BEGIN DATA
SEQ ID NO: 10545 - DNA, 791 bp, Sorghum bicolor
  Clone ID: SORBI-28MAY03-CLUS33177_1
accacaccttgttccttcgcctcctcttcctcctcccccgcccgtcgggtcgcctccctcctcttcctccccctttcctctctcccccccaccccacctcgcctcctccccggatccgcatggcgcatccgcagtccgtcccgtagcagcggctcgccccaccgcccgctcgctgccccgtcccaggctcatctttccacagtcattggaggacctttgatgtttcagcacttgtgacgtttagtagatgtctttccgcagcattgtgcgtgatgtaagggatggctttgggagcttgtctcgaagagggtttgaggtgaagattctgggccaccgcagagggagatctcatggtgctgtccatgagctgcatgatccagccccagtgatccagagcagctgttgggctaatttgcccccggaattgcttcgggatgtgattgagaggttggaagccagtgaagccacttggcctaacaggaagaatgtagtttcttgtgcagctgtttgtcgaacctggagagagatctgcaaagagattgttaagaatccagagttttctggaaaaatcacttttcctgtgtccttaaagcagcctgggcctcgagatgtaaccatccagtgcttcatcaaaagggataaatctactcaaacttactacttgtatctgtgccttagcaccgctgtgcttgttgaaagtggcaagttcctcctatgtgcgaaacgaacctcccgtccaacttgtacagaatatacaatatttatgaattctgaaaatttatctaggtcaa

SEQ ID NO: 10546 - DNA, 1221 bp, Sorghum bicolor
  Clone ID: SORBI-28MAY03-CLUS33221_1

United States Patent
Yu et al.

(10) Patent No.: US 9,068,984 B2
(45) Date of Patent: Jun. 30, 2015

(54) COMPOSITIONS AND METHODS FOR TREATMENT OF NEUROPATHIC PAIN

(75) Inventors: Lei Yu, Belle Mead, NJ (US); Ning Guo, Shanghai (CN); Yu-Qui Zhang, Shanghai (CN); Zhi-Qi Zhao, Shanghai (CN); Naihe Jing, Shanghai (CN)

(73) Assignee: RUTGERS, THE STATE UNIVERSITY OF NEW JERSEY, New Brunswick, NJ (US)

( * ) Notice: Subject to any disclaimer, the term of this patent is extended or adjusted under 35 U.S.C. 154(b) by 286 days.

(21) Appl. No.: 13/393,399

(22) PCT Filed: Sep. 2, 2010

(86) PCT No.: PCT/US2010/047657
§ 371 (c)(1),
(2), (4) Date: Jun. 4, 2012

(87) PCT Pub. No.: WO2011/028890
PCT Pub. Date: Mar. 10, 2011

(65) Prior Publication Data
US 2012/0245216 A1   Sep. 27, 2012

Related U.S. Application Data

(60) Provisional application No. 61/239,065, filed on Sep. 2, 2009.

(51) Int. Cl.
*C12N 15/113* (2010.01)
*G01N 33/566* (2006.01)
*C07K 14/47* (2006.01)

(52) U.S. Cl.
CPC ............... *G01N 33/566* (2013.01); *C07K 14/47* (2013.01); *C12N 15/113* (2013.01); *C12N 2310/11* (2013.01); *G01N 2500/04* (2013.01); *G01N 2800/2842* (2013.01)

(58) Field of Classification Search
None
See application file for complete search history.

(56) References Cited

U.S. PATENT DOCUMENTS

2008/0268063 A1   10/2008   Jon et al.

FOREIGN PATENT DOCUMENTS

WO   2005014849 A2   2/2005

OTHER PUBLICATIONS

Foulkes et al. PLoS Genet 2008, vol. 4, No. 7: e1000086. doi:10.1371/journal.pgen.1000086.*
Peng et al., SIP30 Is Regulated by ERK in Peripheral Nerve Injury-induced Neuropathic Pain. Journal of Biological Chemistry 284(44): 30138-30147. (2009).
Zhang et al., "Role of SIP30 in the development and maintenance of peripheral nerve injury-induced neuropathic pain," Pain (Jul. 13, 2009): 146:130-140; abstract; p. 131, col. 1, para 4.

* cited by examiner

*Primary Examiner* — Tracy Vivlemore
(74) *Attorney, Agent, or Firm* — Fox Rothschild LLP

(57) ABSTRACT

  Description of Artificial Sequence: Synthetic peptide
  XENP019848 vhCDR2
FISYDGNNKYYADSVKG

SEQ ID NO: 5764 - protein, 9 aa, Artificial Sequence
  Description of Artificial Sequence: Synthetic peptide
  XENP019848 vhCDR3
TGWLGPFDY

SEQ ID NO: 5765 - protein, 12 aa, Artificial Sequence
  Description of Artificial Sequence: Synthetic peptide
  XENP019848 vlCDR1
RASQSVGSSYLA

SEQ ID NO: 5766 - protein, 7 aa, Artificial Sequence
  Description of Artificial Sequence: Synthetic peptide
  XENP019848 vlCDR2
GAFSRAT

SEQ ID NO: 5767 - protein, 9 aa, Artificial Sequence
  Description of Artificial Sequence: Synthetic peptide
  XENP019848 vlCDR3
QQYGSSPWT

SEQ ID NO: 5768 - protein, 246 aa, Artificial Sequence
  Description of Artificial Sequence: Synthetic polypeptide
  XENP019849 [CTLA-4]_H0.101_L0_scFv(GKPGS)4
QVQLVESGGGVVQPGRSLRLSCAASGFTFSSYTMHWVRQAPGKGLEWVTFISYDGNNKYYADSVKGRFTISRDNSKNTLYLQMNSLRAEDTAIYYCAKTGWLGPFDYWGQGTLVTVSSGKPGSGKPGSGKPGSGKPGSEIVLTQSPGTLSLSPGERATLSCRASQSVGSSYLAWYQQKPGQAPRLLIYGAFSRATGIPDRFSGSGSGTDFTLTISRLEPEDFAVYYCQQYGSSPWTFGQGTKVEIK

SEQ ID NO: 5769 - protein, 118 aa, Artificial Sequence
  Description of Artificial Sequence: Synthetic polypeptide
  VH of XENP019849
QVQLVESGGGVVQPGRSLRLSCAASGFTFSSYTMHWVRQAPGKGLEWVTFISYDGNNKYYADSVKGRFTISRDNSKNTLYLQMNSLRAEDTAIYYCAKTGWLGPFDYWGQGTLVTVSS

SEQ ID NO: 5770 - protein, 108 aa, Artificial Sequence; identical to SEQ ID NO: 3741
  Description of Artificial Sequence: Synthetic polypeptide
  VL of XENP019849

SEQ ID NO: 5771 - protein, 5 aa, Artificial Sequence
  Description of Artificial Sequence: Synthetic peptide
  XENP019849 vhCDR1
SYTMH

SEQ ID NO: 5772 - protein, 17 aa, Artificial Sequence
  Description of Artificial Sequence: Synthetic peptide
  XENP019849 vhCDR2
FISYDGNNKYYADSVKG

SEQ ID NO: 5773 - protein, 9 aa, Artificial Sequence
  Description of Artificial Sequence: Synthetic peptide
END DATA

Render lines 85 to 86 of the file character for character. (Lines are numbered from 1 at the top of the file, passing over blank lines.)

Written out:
SEQ ID NO: 5773 - protein, 9 aa, Artificial Sequence
  Description of Artificial Sequence: Synthetic peptide